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The Supreme Court vacated the decision of the circuit court ordering the arbitration of a private construction dispute stayed, holding that the circuit court lacked the authority to issue the order staying the arbitration. In this private construction dispute, the circuit court ordered arbitration stayed until the court could decide an insurance coverage dispute between one of the contractors connected to the arbitration and the contractor’s insurer. CityDeck Landing LLC petitioned the Supreme Court for a supervisory writ asking the Court to exercising its superintending constitutional authority to vacate the circuit court’s order. The Supreme Court granted the writ, holding that the circuit court exceeded its jurisdiction by putting the private arbitration on hold. View "State ex rel. CityDeck Landing LLC v. Circuit Court for Brown County" on Justia Law

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The Supreme Court reversed the decision of the court of appeals affirming the termination of Father’s parental rights and remanded this case to the circuit court to conduct a new trial, holding that denying a defendant an opportunity to present his case-in-chief is a structural error, one that is so intrinsically harmful as to require automatic reversal. After the State petitioned the circuit court to terminate Father’s parental rights, the case went to trial. Immediately after the State rested and before giving Father an opportunity to present his case the circuit court decided that Father was an unfit parent. On appeal, the State admitted error but argued that the circuit court’s decision was subject to a harmless-error review. The court of appeals agreed with the State and concluded that the circuit court’s error was harmless. The Supreme Court reversed, holding (1) the circuit court erred when it decided Father was an unfit parent before he had an opportunity to present his case; and (2) the error was structural, and the case must be remanded for a new trial. View "State v. C.L.K." on Justia Law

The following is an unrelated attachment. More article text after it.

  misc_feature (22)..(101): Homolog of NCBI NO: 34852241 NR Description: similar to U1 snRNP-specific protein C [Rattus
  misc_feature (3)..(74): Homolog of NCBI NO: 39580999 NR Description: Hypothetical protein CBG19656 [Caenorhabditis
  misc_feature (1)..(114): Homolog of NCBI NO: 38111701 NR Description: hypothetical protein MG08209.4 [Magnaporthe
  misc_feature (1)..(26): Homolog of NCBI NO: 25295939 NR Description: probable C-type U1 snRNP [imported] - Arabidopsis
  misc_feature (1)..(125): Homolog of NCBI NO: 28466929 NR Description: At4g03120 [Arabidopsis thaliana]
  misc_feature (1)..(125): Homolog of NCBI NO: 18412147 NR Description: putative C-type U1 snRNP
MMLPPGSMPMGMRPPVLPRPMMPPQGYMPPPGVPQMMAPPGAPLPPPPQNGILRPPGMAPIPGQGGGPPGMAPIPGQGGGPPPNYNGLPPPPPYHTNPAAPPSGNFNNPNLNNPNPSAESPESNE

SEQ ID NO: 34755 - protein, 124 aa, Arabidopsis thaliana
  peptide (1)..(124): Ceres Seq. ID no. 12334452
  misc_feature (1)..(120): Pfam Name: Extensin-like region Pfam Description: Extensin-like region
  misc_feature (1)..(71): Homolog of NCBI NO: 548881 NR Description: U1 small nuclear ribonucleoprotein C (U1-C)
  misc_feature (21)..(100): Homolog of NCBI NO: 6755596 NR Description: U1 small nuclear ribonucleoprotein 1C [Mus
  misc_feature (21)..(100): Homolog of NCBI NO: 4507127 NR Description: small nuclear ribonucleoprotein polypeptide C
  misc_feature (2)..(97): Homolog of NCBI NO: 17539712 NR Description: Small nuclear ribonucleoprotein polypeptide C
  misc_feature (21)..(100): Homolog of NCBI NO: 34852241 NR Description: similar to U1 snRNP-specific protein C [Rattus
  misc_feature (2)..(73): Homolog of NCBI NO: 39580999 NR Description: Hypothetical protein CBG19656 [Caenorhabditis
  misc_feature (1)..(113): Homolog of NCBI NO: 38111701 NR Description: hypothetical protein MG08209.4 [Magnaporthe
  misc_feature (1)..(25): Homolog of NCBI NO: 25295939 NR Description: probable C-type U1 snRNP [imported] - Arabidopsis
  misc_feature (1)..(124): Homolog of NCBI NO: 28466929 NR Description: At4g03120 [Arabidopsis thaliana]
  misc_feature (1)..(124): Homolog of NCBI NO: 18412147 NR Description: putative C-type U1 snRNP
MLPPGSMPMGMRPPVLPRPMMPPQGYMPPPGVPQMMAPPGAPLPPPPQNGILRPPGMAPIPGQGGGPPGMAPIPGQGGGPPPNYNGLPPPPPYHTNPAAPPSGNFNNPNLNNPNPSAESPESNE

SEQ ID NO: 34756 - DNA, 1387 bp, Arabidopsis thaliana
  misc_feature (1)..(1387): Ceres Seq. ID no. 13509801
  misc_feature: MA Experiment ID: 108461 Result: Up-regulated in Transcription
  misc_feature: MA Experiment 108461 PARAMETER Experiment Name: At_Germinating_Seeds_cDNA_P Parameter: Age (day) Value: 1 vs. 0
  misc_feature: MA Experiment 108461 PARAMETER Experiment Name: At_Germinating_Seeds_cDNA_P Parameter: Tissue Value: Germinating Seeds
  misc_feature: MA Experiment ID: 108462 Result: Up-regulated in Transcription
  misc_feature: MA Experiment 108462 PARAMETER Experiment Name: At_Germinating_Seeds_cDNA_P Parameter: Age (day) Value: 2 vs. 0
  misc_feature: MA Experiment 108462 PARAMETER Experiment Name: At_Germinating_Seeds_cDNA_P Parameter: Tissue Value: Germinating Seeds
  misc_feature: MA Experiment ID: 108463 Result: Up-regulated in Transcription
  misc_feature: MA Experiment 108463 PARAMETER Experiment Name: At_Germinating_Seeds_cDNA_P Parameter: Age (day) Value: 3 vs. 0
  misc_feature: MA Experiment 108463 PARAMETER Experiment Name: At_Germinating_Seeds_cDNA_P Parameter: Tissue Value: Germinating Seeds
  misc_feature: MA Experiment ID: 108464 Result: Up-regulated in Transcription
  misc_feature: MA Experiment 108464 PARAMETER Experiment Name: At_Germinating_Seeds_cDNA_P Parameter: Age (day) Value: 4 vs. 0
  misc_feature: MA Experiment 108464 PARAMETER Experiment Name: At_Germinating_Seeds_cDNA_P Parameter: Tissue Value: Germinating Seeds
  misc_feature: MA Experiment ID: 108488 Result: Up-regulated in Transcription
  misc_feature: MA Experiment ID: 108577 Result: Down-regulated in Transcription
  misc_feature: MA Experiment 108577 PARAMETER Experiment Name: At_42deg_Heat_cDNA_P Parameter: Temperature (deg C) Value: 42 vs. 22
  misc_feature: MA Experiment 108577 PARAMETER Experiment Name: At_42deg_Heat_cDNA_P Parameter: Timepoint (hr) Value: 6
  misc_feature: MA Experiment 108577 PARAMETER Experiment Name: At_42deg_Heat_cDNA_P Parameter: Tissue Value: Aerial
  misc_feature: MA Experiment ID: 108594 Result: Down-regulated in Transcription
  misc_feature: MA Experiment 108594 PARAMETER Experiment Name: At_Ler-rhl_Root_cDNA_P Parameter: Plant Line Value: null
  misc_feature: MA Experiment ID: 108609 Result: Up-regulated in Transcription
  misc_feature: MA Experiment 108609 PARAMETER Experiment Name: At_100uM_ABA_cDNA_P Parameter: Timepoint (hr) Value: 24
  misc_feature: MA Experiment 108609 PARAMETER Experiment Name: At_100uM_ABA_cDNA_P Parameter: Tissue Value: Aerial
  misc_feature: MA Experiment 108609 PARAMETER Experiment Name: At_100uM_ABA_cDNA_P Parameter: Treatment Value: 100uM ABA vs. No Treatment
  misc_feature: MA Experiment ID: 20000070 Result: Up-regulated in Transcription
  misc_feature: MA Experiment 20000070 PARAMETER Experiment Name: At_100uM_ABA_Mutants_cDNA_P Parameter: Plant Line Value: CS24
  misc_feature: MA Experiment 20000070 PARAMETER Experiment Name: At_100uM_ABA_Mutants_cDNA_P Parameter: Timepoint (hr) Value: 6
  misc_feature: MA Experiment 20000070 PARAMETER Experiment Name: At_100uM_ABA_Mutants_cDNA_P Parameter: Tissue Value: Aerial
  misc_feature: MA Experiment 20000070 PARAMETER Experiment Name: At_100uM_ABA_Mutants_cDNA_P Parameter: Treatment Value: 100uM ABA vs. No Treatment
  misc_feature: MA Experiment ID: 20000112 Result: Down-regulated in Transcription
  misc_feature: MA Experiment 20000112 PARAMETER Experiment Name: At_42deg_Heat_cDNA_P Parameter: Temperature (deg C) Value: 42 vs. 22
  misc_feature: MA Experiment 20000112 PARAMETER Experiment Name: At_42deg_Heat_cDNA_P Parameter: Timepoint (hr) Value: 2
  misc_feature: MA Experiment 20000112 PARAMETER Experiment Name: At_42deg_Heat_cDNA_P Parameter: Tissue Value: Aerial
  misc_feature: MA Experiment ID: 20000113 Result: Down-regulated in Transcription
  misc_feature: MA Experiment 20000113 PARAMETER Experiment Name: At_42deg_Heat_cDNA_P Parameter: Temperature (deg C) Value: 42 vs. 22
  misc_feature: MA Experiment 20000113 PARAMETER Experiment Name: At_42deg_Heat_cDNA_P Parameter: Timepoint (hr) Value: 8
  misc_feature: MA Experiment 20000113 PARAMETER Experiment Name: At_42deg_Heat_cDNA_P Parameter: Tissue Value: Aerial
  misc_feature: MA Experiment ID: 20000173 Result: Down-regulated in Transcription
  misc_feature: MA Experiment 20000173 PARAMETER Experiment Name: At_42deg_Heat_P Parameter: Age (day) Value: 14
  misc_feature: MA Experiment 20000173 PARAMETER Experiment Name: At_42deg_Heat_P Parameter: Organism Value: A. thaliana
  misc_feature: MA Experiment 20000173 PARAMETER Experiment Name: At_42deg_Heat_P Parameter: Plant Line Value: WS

Posted in: Family Law